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4.5 out of 5 stars
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on 3 June 2017
A truly excellent book for anyone interested in what went on in the 80's between Hinault and Lemond.
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on 4 August 2017
One of the best cycling books I have read. Intrigue, teacher and discord obi the same team. I loved it
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on 15 June 2011
Absolutely brilliant retelling of the events surrounding the 1986 Tour de France by Richard Moore. This was the first Tour broadcast on British TV by Channel 4 and as it was also my first Tour it brought back many many great memories.

Moore tries to unravel the events surrounding Lemond's victory and whether or not his team mate, Hinault (the badger) was riding against him to gain victory for himself and win an unprecedented sixth victory. Claim and counter claim from our two protagonists ensure that the `truth' will never be known, however, by interviewing many of the major players of the 1986 Tour, Moore manages to add further intrigue and controversy to an already legendary tale.

Both Lemond and Hinault are brilliant characters (Hinault is simply a mad Frenchman - check out when he was driving and texting) and I found it difficult to take sides. As a result, for me, the book had the ideal ending.

Richard Moore has played a blinder with this story and proved that his biography of Robert Millar was no fluke.

I would recommend `Slaying the Badger' not just to fans of cycling and the Tour de France, but to any fan of sporting drama! A delightful read. Thank you Richard.
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on 19 March 2017
One of the best cycling books out there along with the Fignon book . Buy it - it's a great , interesting & informative read .
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on 14 June 2011
Having enjoyed Richard Moore's fascinating biography of Robert Millar, I was excited to see he had again turned his pen towards obsessive characters in this classic period of cycling history. Not only is the book superbly written, but the apparent level of research he has made into his subjects is staggering. Combine this with Moore's genuine insight into the mind of sportsmen, and you have a book that will delight any reader, while still providing surprises for the best-informed sports fans. Superb.
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on 3 June 2011
I don't think I'm spoiling anyone's read when I say that LeMond comes out on top in this one (otherwise it would only be "attempted slaying" of said Badger, aka Bernard Hinault), but what a fantastic story of two emulous teammates vying for the top prize in such a storied and brutal sport.

I was eager to get my hands on a copy when I saw this become available to pre-order. Firstly, as a cycling fan it represents welcome respite from the current doping scandals in which the sport is embroiled. While you may, after reading the book (especially the first few paragraphs), feel that it wasn't exactly a "clean" race, I would much rather read about tactical intrigue and sub-plots than any pharmaceutical underhandedness.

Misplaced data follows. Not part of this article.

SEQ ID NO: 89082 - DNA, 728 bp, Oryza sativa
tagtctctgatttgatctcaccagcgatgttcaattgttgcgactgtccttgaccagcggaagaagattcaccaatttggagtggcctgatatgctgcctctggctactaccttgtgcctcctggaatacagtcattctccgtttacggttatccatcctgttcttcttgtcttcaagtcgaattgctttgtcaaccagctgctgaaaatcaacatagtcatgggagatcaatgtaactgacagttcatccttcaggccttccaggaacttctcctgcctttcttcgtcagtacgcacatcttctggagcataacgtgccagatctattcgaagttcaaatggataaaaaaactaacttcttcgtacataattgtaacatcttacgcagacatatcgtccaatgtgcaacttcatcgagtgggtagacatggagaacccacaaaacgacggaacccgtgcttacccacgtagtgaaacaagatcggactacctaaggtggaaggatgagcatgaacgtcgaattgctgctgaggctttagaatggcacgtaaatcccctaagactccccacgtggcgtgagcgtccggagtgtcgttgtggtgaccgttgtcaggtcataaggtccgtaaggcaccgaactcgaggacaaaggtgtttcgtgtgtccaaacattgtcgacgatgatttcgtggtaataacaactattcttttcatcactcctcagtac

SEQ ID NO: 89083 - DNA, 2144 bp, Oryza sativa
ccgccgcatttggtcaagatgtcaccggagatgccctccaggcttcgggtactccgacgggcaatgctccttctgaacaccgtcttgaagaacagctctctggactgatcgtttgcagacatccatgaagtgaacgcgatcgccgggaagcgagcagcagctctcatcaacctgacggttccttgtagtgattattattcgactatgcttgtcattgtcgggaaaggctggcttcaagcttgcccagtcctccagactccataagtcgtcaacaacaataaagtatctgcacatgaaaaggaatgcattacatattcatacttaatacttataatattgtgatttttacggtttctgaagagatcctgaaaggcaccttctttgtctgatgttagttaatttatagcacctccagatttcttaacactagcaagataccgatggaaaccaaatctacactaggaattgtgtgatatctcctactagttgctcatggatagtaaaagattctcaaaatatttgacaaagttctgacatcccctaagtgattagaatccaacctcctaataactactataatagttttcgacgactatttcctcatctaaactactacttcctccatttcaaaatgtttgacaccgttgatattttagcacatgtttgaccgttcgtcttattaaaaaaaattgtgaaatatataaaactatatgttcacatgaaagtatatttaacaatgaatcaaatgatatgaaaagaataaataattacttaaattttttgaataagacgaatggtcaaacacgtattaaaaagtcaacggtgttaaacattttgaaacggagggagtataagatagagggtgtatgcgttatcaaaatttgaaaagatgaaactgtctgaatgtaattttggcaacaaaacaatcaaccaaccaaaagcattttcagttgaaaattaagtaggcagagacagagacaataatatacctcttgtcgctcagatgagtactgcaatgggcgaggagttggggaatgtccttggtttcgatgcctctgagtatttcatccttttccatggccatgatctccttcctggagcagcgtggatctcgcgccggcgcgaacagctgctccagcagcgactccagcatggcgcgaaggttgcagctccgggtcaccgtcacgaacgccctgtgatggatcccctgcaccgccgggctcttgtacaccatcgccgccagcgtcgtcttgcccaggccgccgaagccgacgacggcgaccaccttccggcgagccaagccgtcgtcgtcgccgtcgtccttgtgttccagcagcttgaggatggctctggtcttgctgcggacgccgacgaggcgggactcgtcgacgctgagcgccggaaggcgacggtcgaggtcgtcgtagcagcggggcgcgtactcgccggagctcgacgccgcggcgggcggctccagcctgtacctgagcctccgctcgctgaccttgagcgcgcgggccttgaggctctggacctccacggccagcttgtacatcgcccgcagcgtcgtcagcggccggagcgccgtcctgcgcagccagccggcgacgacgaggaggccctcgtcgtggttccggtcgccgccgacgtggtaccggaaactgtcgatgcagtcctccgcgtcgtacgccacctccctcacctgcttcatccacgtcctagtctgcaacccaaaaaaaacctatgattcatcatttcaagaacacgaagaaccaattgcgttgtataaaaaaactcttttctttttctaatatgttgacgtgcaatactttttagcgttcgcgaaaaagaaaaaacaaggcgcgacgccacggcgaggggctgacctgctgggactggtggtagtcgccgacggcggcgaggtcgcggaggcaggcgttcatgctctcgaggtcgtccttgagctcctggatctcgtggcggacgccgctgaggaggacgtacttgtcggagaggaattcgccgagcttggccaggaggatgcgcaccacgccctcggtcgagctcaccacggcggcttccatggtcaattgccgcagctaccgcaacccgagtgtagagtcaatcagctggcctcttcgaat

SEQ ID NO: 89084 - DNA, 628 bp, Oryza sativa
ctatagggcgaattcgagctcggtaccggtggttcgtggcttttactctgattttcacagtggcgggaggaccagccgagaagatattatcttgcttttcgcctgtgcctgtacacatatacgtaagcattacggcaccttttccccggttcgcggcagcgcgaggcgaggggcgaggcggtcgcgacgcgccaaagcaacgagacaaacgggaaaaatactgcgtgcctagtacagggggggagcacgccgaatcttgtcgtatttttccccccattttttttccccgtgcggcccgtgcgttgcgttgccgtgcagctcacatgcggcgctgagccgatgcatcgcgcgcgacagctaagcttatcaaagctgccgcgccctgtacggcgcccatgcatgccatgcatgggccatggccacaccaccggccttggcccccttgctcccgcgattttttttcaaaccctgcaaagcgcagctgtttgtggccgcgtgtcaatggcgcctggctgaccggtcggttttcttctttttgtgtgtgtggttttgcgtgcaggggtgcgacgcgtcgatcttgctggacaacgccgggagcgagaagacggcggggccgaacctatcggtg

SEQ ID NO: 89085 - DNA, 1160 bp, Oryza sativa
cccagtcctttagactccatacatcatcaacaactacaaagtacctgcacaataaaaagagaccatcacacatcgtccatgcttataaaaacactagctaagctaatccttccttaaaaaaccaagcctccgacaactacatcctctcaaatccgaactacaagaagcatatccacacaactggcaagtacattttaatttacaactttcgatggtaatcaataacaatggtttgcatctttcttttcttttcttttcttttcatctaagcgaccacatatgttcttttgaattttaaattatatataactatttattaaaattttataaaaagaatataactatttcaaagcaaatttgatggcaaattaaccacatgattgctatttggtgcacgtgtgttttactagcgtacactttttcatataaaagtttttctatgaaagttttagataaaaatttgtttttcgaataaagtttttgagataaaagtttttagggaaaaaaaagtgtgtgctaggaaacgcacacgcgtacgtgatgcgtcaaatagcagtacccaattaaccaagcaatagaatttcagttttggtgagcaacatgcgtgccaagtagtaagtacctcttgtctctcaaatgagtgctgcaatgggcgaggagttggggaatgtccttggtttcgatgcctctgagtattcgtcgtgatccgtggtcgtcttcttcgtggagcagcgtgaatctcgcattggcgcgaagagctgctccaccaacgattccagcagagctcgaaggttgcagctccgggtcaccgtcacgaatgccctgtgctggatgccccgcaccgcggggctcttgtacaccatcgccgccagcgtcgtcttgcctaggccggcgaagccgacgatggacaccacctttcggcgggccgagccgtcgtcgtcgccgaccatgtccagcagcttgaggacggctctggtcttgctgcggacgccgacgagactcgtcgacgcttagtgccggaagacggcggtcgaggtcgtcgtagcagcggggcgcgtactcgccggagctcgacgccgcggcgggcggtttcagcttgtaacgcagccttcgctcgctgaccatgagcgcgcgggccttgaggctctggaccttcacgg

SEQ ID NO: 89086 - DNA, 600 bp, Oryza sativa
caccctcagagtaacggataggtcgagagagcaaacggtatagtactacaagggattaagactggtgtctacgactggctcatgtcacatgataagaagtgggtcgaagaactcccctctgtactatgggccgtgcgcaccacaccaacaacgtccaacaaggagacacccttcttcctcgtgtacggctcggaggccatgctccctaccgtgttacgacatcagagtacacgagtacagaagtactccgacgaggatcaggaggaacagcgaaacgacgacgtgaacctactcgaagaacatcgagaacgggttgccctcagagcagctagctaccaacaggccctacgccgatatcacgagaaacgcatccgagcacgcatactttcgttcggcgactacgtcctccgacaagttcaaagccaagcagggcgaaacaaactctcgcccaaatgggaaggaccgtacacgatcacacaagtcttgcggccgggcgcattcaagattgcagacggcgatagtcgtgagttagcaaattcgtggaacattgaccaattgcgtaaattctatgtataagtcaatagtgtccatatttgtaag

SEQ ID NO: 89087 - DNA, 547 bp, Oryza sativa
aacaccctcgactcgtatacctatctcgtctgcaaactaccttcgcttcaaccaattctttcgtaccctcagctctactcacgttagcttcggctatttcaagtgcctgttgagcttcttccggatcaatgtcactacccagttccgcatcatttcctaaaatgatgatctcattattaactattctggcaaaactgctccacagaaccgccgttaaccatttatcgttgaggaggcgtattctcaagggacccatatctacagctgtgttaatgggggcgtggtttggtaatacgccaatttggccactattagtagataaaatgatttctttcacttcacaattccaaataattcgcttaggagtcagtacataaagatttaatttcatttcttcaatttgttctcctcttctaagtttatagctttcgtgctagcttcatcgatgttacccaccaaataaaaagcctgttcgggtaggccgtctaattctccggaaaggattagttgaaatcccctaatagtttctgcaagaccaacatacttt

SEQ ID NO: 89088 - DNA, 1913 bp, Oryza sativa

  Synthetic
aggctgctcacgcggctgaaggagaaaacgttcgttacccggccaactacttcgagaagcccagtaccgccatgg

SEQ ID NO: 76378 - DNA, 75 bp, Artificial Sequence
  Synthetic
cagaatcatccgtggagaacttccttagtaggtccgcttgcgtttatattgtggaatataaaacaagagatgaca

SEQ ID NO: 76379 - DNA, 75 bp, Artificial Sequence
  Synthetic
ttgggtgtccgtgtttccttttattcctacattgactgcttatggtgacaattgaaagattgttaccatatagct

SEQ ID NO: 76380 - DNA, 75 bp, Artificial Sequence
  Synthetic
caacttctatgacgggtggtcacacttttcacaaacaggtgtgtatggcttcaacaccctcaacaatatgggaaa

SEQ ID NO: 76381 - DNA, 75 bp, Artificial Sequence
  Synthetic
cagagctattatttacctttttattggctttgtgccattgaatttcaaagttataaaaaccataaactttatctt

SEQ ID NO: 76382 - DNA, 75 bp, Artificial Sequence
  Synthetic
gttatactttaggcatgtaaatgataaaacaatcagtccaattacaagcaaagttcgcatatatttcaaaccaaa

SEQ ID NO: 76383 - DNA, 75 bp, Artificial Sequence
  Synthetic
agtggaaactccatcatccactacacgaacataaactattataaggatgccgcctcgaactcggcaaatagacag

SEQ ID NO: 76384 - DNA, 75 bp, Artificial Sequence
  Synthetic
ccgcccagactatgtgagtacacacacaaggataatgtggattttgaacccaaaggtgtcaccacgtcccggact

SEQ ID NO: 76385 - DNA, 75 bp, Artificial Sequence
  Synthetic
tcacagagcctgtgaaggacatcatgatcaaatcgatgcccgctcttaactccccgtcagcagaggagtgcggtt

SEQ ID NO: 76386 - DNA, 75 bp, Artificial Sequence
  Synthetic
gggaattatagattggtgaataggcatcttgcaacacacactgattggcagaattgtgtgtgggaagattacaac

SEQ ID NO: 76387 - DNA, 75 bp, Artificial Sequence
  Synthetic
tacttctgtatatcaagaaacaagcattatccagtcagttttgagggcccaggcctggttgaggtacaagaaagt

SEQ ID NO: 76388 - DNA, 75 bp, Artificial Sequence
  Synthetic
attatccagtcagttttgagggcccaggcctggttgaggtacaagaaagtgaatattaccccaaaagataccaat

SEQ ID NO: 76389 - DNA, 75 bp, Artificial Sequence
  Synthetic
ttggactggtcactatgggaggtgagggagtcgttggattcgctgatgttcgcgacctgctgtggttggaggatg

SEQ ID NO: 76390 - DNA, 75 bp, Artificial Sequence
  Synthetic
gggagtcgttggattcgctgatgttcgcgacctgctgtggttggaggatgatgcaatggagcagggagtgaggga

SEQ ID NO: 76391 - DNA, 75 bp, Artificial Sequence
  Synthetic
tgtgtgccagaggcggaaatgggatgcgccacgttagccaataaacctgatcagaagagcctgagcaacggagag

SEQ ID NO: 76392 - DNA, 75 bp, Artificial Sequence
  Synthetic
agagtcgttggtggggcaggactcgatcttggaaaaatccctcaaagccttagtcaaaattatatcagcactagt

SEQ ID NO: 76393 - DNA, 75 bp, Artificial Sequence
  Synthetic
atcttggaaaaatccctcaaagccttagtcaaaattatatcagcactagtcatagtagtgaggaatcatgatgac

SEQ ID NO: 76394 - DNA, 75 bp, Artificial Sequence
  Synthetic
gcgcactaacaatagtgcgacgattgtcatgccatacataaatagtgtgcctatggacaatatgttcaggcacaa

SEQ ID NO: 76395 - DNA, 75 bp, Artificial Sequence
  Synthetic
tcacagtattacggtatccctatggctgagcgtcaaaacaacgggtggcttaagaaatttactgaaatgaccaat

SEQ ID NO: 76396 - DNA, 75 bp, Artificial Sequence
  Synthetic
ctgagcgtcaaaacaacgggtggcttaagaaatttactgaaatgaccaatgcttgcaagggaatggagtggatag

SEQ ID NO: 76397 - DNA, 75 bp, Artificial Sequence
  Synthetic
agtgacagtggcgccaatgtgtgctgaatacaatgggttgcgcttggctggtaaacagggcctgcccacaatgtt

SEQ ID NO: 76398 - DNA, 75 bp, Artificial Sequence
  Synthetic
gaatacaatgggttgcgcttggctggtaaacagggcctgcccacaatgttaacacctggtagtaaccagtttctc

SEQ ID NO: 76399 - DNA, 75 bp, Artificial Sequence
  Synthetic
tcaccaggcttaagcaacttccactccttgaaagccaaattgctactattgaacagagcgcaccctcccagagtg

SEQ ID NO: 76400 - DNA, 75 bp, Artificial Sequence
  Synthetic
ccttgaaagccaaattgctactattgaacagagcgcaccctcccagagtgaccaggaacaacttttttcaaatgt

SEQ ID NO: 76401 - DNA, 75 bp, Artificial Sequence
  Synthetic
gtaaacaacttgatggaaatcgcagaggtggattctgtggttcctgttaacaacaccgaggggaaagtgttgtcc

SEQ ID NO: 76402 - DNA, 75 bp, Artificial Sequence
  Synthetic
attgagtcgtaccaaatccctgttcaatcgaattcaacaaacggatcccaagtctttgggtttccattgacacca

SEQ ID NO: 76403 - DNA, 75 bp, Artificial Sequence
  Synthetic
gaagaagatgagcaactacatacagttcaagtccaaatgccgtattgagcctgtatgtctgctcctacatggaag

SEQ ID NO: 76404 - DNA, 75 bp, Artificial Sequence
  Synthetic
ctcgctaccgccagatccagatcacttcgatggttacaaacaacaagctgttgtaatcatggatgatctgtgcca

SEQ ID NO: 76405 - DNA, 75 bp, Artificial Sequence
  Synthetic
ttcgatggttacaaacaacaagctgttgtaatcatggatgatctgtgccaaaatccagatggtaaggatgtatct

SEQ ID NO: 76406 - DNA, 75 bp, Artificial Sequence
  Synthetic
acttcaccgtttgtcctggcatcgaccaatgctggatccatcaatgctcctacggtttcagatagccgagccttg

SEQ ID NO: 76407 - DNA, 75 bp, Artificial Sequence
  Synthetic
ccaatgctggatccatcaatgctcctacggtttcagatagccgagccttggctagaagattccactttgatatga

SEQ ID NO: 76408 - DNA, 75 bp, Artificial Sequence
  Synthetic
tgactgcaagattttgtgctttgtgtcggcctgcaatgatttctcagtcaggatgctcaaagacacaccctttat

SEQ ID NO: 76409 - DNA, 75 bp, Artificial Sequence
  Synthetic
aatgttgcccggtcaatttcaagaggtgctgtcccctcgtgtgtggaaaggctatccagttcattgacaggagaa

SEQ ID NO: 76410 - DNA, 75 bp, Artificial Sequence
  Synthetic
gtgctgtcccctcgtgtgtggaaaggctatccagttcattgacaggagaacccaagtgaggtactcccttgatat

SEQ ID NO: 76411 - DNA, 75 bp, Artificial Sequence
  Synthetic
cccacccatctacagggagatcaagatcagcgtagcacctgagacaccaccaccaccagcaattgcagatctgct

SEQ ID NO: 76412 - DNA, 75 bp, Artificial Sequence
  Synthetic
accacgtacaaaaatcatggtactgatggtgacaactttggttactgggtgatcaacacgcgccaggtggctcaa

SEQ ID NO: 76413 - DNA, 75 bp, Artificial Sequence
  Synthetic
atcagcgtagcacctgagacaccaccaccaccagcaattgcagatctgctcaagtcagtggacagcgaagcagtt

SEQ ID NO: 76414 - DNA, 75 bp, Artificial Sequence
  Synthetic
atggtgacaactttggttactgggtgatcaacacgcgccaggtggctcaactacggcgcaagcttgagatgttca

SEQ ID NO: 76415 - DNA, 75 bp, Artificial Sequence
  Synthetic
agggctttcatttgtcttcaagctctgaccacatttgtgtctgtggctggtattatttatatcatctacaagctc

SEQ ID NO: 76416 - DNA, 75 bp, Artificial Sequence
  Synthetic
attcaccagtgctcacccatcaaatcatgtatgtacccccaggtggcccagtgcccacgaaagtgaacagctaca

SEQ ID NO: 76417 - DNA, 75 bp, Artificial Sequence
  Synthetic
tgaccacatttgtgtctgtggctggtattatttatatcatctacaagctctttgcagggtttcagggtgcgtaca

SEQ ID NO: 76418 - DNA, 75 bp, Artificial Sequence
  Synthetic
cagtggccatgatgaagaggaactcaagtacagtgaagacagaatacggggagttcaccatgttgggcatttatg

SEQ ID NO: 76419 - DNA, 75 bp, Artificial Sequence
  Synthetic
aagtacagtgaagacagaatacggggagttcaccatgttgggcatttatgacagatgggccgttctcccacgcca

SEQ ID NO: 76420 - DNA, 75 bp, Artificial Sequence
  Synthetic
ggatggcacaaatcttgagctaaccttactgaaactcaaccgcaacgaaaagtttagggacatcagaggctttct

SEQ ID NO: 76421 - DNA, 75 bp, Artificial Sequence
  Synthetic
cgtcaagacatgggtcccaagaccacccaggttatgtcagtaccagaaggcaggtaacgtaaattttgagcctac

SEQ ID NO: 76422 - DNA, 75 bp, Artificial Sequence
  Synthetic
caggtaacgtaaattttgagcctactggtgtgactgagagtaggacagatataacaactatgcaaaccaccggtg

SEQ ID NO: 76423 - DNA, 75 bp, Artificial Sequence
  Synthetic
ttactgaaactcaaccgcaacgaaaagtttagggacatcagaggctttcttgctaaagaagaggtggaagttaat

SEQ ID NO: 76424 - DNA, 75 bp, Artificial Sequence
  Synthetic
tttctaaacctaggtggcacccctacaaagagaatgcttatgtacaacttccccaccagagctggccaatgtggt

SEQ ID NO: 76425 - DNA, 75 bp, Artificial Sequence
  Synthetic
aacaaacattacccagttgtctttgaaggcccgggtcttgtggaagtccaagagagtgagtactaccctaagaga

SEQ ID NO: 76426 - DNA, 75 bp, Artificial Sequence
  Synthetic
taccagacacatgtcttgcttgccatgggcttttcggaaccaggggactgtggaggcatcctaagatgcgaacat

Secondly, having enjoyed his first couple of books, I was keen to read more from Moore given the entertaining and well informed style through which he delivers a story. Having said that, don't just take the word of a self-professed fan; I think the awards and critical acclaim he has received to date make a good case for reading his books.

There are already plenty of detailed professional reviews which dissect the whole book and provide a synopsis of virtually the entire story. However, having read many of the reviews while waiting for my copy to arrive I would advise against reading them and just get stuck into the book itself. Given that the story played out some 25 years ago, even those who followed the race at the time will have forgotten a lot of the detail. To approach the book fresh allows you to re-live it but with the added benefit of the thoroughly researched commentary provided by Moore as well as the thoughts and views of the protagonists themselves.

Finally (and at the risk of sounding patronising) for those that don't necessarily follow cycling, it is written in a style that doesn't assume a detailed knowledge and understanding of the sport. In fact, I would say it is a good case-study through which to introduce yourself to this (once?) magnificent sport.
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on 18 July 2011
However, Moore has gone a lot further than just review a race that took place 25 years ago.

What I really enjoyed about 'Slaying the Badger' was the detail the author has gone to in relayig the story of what he believes is the greatest Tour de France ever. Rather than just rehash some newspaper clippings, Moore has revisited the main characters of his book - LeMond and Hinault - to get their views on that gripping race. And that is what makes it such a fascinating read.

By sitting down with the two riders, along with several other key players [Hampsten, Kochli etc], Moore has been able to paint a vivid picture of what those 3 weeks in July 1986 were really like.

Moore's style of writing is easy to follow, and at times witty, but that is not to say its shallow. His very perceptive observations of his interview subjects goes a long way to helping us understand their personalities, their strengths and weaknesses. And it is these traits that are so integral to the controversy of the 1986 race.

I also enjoyed how the 'human element' is central to the story line. At a time when we can sometimes look to professional cyclists as mere robots, or machines, Moore helps us to appreciate the emotional composition of his subjects - including Bernard Hinault!

Was it the greatest Tour de France Ever? Moore may think so, and he has made a pretty compelling argument in his book. I will reserved judgment on whether '86 was better than '89. But I will say that 'Slaying the Badger' was the most enjoyable Tour de France account I have ever read.

I would throughly recommend this book to anyone who has any interest in cycling.

A great read. 5 stars.